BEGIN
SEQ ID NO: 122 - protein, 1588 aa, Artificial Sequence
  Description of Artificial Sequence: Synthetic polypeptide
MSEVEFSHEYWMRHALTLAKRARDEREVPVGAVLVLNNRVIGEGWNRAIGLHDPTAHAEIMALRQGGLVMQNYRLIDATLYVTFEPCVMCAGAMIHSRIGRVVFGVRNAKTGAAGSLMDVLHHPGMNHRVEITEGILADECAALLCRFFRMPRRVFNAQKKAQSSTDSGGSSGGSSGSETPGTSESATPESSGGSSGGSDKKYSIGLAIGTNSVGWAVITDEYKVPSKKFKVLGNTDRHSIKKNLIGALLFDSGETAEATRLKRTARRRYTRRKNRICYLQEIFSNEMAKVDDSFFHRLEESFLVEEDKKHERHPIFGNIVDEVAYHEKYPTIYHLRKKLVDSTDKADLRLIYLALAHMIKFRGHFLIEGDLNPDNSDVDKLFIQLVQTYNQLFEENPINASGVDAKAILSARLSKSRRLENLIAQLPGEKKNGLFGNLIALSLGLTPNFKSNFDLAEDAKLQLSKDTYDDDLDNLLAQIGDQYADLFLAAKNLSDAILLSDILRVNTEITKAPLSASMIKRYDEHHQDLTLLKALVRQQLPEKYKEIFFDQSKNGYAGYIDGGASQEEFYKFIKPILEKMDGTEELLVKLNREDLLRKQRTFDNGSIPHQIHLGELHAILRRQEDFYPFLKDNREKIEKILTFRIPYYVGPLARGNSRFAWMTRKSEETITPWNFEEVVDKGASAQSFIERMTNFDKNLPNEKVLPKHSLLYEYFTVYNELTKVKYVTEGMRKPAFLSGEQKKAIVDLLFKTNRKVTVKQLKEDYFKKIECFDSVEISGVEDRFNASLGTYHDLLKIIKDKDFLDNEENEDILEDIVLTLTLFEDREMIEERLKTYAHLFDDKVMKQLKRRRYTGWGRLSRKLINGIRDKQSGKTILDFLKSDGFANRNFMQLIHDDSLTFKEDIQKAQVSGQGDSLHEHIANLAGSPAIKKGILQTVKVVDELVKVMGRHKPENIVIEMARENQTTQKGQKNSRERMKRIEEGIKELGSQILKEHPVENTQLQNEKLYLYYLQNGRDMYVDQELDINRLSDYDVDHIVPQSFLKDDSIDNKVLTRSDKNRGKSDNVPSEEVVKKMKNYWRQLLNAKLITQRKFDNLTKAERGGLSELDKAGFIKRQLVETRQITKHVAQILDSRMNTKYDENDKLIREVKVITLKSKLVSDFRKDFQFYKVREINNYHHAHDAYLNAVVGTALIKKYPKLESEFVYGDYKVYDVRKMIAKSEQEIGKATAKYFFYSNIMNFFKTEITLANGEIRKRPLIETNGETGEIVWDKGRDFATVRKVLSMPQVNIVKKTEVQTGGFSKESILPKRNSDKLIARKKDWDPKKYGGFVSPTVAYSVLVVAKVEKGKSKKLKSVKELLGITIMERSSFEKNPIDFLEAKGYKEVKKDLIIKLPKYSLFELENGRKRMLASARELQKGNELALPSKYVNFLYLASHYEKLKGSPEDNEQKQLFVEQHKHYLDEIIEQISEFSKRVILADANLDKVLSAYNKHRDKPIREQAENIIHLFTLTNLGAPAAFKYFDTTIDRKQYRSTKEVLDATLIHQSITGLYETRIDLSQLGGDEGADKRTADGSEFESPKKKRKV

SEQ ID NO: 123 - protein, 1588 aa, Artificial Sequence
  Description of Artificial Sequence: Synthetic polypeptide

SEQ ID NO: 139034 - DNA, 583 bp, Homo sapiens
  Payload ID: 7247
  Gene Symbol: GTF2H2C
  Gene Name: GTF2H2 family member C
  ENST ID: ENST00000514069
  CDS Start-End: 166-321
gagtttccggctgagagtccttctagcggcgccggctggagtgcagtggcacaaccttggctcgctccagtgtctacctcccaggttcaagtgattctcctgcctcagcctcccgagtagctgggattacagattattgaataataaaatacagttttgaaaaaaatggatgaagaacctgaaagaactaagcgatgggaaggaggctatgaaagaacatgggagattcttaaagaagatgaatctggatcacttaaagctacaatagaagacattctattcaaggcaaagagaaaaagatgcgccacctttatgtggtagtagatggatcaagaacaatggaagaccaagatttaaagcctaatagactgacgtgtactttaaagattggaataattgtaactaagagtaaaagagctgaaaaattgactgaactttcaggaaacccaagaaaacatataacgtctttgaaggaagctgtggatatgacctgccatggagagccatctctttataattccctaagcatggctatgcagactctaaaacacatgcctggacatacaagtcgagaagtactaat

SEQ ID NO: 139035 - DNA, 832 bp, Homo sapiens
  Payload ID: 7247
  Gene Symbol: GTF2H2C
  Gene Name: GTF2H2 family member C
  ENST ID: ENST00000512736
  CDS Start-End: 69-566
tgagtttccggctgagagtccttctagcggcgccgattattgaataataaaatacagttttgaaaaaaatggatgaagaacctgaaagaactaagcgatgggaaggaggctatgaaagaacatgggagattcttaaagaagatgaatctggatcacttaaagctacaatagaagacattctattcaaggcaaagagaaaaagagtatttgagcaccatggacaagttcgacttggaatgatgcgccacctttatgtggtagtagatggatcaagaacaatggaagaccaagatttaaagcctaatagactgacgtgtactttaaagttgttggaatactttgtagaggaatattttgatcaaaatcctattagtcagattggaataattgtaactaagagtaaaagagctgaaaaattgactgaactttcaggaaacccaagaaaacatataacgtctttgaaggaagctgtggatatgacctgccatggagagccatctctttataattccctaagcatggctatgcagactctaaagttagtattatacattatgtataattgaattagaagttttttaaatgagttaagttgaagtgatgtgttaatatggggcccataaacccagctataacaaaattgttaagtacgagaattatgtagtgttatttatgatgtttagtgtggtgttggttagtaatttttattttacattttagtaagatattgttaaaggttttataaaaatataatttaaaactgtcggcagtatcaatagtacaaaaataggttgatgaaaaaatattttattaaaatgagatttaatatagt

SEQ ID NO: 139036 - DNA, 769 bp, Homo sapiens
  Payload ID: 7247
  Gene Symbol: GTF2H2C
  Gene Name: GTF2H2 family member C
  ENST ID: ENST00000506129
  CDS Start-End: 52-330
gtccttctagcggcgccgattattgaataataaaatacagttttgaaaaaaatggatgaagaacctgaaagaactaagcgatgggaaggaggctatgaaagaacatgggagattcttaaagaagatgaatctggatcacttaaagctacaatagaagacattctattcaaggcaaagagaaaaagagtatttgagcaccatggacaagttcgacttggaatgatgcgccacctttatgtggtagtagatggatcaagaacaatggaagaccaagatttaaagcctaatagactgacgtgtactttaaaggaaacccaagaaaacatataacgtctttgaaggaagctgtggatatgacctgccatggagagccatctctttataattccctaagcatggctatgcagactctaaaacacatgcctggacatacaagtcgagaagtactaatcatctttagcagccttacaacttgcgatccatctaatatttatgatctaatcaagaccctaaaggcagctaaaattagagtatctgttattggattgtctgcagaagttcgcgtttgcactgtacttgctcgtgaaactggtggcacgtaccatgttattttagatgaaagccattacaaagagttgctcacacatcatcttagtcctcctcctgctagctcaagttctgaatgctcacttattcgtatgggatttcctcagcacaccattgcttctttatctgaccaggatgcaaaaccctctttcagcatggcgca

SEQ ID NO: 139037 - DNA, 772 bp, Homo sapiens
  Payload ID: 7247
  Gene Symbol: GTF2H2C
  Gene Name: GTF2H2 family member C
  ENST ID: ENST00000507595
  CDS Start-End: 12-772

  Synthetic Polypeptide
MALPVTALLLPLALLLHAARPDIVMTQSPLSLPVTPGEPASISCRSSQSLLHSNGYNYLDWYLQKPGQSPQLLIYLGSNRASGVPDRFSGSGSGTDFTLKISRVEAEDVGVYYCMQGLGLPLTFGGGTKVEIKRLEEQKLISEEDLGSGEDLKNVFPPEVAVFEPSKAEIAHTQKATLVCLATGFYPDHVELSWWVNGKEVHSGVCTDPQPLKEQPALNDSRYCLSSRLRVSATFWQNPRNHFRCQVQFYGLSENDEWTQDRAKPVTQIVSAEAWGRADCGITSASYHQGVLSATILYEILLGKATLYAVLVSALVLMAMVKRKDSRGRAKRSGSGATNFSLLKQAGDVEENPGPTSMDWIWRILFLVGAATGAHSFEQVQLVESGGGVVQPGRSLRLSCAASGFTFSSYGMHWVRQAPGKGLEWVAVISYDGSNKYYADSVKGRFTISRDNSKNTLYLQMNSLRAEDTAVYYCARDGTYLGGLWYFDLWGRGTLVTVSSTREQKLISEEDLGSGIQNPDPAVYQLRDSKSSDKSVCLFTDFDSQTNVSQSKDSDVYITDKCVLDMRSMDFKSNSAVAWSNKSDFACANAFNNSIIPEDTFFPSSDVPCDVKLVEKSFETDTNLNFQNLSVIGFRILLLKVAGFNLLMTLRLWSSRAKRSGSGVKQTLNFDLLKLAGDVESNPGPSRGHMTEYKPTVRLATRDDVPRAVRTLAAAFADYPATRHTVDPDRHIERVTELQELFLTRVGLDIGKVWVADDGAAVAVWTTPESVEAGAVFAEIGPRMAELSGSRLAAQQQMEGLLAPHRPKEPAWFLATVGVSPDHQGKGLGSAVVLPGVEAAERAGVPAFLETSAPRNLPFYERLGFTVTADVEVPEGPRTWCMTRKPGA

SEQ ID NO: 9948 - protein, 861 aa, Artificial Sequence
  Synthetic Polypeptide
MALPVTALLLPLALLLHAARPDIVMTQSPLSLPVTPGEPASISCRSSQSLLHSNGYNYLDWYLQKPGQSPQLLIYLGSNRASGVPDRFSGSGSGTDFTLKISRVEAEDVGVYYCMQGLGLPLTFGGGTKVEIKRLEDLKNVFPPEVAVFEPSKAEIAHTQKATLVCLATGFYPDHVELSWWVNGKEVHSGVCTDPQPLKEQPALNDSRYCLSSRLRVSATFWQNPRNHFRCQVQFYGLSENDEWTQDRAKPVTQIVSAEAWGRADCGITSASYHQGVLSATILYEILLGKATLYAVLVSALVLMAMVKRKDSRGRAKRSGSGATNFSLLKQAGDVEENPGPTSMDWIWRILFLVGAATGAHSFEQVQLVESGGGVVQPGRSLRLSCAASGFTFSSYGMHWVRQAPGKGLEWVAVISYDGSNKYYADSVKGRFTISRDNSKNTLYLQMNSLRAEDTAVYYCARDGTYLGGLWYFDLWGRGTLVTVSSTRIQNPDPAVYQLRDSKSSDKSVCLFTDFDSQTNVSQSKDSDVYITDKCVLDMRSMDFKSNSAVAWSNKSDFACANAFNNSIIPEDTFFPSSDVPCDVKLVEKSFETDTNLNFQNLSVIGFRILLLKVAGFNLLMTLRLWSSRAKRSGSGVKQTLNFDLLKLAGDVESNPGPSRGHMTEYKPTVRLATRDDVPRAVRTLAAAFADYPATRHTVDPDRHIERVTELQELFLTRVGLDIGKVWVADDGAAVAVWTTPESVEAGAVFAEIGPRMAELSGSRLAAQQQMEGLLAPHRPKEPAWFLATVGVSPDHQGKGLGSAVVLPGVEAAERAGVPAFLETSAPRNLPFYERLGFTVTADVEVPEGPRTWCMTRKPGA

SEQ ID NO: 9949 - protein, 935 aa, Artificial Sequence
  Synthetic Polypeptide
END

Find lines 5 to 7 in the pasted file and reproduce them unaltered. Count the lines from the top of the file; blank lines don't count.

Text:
  Description of Artificial Sequence: Synthetic polypeptide

SEQ ID NO: 139034 - DNA, 583 bp, Homo sapiens
  Payload ID: 7247